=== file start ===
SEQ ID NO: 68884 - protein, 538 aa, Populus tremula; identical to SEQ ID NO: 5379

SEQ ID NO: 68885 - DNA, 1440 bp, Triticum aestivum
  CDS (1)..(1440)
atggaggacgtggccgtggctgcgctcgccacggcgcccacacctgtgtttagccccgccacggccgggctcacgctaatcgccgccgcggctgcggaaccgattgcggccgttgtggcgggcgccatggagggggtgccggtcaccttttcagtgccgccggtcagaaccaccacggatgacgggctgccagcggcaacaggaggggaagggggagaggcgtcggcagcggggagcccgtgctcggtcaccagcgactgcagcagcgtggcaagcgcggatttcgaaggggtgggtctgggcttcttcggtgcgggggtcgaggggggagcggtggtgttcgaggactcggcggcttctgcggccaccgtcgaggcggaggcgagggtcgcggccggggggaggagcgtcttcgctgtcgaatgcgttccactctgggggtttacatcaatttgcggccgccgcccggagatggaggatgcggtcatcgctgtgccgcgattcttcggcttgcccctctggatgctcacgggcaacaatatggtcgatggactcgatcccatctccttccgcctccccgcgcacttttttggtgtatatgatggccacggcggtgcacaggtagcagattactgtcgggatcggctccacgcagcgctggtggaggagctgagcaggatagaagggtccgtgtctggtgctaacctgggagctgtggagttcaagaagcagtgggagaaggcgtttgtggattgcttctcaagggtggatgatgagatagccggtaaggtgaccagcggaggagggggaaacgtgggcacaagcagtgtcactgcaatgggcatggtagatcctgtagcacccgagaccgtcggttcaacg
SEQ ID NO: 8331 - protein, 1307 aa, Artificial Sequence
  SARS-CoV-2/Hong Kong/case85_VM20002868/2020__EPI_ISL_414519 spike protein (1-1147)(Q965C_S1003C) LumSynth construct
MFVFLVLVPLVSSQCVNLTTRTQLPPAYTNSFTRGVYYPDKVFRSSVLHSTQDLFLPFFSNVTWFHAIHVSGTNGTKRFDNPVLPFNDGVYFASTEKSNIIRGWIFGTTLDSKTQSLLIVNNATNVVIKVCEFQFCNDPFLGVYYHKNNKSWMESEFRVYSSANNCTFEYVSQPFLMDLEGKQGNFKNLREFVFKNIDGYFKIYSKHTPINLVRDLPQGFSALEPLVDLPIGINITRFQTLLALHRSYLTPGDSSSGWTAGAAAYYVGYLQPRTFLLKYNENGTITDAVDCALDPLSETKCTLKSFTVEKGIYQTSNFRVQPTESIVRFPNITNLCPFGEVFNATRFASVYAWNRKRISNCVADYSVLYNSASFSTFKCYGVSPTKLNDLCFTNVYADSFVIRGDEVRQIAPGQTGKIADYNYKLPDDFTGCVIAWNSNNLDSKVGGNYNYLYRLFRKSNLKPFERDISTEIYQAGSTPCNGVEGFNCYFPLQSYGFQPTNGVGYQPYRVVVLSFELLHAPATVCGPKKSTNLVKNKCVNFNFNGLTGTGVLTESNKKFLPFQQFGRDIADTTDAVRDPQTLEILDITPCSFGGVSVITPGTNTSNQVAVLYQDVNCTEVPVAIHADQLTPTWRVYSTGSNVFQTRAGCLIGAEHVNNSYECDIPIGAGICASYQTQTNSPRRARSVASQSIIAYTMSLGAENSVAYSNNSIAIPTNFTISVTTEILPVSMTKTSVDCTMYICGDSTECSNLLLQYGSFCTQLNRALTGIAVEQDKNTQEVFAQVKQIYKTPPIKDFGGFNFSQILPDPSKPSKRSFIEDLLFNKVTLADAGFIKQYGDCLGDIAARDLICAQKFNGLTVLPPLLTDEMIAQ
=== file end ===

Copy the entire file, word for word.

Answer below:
SEQ ID NO: 68884 - protein, 538 aa, Populus tremula; identical to SEQ ID NO: 5379

SEQ ID NO: 68885 - DNA, 1440 bp, Triticum aestivum
  CDS (1)..(1440)
atggaggacgtggccgtggctgcgctcgccacggcgcccacacctgtgtttagccccgccacggccgggctcacgctaatcgccgccgcggctgcggaaccgattgcggccgttgtggcgggcgccatggagggggtgccggtcaccttttcagtgccgccggtcagaaccaccacggatgacgggctgccagcggcaacaggaggggaagggggagaggcgtcggcagcggggagcccgtgctcggtcaccagcgactgcagcagcgtggcaagcgcggatttcgaaggggtgggtctgggcttcttcggtgcgggggtcgaggggggagcggtggtgttcgaggactcggcggcttctgcggccaccgtcgaggcggaggcgagggtcgcggccggggggaggagcgtcttcgctgtcgaatgcgttccactctgggggtttacatcaatttgcggccgccgcccggagatggaggatgcggtcatcgctgtgccgcgattcttcggcttgcccctctggatgctcacgggcaacaatatggtcgatggactcgatcccatctccttccgcctccccgcgcacttttttggtgtatatgatggccacggcggtgcacaggtagcagattactgtcgggatcggctccacgcagcgctggtggaggagctgagcaggatagaagggtccgtgtctggtgctaacctgggagctgtggagttcaagaagcagtgggagaaggcgtttgtggattgcttctcaagggtggatgatgagatagccggtaaggtgaccagcggaggagggggaaacgtgggcacaagcagtgtcactgcaatgggcatggtagatcctgtagcacccgagaccgtcggttcaacg
SEQ ID NO: 8331 - protein, 1307 aa, Artificial Sequence
  SARS-CoV-2/Hong Kong/case85_VM20002868/2020__EPI_ISL_414519 spike protein (1-1147)(Q965C_S1003C) LumSynth construct
MFVFLVLVPLVSSQCVNLTTRTQLPPAYTNSFTRGVYYPDKVFRSSVLHSTQDLFLPFFSNVTWFHAIHVSGTNGTKRFDNPVLPFNDGVYFASTEKSNIIRGWIFGTTLDSKTQSLLIVNNATNVVIKVCEFQFCNDPFLGVYYHKNNKSWMESEFRVYSSANNCTFEYVSQPFLMDLEGKQGNFKNLREFVFKNIDGYFKIYSKHTPINLVRDLPQGFSALEPLVDLPIGINITRFQTLLALHRSYLTPGDSSSGWTAGAAAYYVGYLQPRTFLLKYNENGTITDAVDCALDPLSETKCTLKSFTVEKGIYQTSNFRVQPTESIVRFPNITNLCPFGEVFNATRFASVYAWNRKRISNCVADYSVLYNSASFSTFKCYGVSPTKLNDLCFTNVYADSFVIRGDEVRQIAPGQTGKIADYNYKLPDDFTGCVIAWNSNNLDSKVGGNYNYLYRLFRKSNLKPFERDISTEIYQAGSTPCNGVEGFNCYFPLQSYGFQPTNGVGYQPYRVVVLSFELLHAPATVCGPKKSTNLVKNKCVNFNFNGLTGTGVLTESNKKFLPFQQFGRDIADTTDAVRDPQTLEILDITPCSFGGVSVITPGTNTSNQVAVLYQDVNCTEVPVAIHADQLTPTWRVYSTGSNVFQTRAGCLIGAEHVNNSYECDIPIGAGICASYQTQTNSPRRARSVASQSIIAYTMSLGAENSVAYSNNSIAIPTNFTISVTTEILPVSMTKTSVDCTMYICGDSTECSNLLLQYGSFCTQLNRALTGIAVEQDKNTQEVFAQVKQIYKTPPIKDFGGFNFSQILPDPSKPSKRSFIEDLLFNKVTLADAGFIKQYGDCLGDIAARDLICAQKFNGLTVLPPLLTDEMIAQ